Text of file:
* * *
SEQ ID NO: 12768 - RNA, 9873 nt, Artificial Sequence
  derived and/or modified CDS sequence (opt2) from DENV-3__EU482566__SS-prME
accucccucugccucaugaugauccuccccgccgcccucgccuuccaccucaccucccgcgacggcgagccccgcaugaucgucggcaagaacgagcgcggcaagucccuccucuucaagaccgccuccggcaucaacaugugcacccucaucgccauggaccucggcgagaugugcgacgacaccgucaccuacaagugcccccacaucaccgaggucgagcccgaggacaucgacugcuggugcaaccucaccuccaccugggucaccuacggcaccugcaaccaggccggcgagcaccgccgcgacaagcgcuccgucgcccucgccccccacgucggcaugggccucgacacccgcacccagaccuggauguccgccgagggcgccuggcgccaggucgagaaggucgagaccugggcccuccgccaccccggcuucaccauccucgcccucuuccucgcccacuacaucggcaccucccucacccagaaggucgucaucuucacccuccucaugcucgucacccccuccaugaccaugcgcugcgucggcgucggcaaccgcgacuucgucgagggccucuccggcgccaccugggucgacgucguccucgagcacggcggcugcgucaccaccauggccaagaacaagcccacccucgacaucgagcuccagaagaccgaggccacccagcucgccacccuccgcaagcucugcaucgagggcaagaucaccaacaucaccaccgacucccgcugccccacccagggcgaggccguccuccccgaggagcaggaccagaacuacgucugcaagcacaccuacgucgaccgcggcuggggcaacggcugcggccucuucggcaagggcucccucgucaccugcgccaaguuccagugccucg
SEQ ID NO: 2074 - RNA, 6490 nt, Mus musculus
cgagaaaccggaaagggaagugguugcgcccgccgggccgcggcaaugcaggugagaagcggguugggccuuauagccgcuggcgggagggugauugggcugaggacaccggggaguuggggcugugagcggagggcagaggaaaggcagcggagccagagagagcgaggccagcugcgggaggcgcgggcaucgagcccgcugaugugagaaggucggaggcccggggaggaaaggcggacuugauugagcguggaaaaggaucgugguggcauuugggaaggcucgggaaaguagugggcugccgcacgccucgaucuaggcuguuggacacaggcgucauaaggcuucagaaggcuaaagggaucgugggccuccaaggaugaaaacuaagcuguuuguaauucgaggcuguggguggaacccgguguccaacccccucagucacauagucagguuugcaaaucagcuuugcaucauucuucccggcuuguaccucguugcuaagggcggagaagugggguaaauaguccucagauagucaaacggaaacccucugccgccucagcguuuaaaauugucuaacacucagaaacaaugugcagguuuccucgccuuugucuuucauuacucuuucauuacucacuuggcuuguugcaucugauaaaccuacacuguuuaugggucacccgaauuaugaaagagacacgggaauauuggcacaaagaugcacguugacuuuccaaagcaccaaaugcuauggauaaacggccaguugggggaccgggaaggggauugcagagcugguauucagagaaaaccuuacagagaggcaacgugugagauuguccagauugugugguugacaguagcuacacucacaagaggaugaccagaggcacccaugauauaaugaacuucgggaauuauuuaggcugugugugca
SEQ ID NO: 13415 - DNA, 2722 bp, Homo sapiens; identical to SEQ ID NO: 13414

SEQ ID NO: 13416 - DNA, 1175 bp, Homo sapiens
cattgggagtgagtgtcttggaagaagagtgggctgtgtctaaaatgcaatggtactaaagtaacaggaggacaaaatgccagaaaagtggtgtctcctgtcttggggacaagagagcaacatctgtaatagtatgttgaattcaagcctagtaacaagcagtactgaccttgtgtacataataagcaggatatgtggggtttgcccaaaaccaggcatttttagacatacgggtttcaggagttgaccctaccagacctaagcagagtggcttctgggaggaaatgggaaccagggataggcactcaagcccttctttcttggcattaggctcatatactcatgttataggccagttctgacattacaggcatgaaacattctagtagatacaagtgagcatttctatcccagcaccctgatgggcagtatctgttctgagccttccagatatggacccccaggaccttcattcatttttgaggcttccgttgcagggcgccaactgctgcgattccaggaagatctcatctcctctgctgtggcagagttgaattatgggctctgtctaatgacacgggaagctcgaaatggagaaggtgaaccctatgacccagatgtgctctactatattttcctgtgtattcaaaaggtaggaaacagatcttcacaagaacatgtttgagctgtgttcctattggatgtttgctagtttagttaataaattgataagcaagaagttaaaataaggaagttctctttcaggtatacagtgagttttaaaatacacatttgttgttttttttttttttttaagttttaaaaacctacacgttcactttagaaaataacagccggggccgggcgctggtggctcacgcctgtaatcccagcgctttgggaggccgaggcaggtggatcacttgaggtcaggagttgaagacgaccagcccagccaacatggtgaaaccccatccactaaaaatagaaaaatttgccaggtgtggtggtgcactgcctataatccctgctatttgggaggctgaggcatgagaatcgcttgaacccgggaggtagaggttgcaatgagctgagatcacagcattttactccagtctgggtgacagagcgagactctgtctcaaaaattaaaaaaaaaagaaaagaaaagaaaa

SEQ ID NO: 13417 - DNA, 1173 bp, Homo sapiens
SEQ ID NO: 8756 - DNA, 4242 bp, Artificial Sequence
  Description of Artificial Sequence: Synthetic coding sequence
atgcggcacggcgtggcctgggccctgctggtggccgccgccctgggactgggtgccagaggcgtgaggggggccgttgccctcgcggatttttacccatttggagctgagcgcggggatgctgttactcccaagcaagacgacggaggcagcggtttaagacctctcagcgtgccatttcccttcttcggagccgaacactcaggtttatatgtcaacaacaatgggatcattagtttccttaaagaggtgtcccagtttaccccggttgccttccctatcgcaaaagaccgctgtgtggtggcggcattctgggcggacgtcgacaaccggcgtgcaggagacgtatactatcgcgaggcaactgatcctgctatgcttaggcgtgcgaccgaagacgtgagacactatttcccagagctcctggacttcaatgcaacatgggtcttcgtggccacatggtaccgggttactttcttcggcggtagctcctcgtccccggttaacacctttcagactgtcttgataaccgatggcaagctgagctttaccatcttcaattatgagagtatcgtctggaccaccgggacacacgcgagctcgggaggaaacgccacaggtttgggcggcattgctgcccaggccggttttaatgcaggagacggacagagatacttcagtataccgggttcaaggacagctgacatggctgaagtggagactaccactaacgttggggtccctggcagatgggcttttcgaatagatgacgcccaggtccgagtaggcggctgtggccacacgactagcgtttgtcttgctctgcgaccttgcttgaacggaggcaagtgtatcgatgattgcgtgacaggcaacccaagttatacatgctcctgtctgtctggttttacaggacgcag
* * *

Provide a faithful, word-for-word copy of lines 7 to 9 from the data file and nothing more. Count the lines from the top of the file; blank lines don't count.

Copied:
SEQ ID NO: 13416 - DNA, 1175 bp, Homo sapiens
cattgggagtgagtgtcttggaagaagagtgggctgtgtctaaaatgcaatggtactaaagtaacaggaggacaaaatgccagaaaagtggtgtctcctgtcttggggacaagagagcaacatctgtaatagtatgttgaattcaagcctagtaacaagcagtactgaccttgtgtacataataagcaggatatgtggggtttgcccaaaaccaggcatttttagacatacgggtttcaggagttgaccctaccagacctaagcagagtggcttctgggaggaaatgggaaccagggataggcactcaagcccttctttcttggcattaggctcatatactcatgttataggccagttctgacattacaggcatgaaacattctagtagatacaagtgagcatttctatcccagcaccctgatgggcagtatctgttctgagccttccagatatggacccccaggaccttcattcatttttgaggcttccgttgcagggcgccaactgctgcgattccaggaagatctcatctcctctgctgtggcagagttgaattatgggctctgtctaatgacacgggaagctcgaaatggagaaggtgaaccctatgacccagatgtgctctactatattttcctgtgtattcaaaaggtaggaaacagatcttcacaagaacatgtttgagctgtgttcctattggatgtttgctagtttagttaataaattgataagcaagaagttaaaataaggaagttctctttcaggtatacagtgagttttaaaatacacatttgttgttttttttttttttttaagttttaaaaacctacacgttcactttagaaaataacagccggggccgggcgctggtggctcacgcctgtaatcccagcgctttgggaggccgaggcaggtggatcacttgaggtcaggagttgaagacgaccagcccagccaacatggtgaaaccccatccactaaaaatagaaaaatttgccaggtgtggtggtgcactgcctataatccctgctatttgggaggctgaggcatgagaatcgcttgaacccgggaggtagaggttgcaatgagctgagatcacagcattttactccagtctgggtgacagagcgagactctgtctcaaaaattaaaaaaaaaagaaaagaaaagaaaa

SEQ ID NO: 13417 - DNA, 1173 bp, Homo sapiens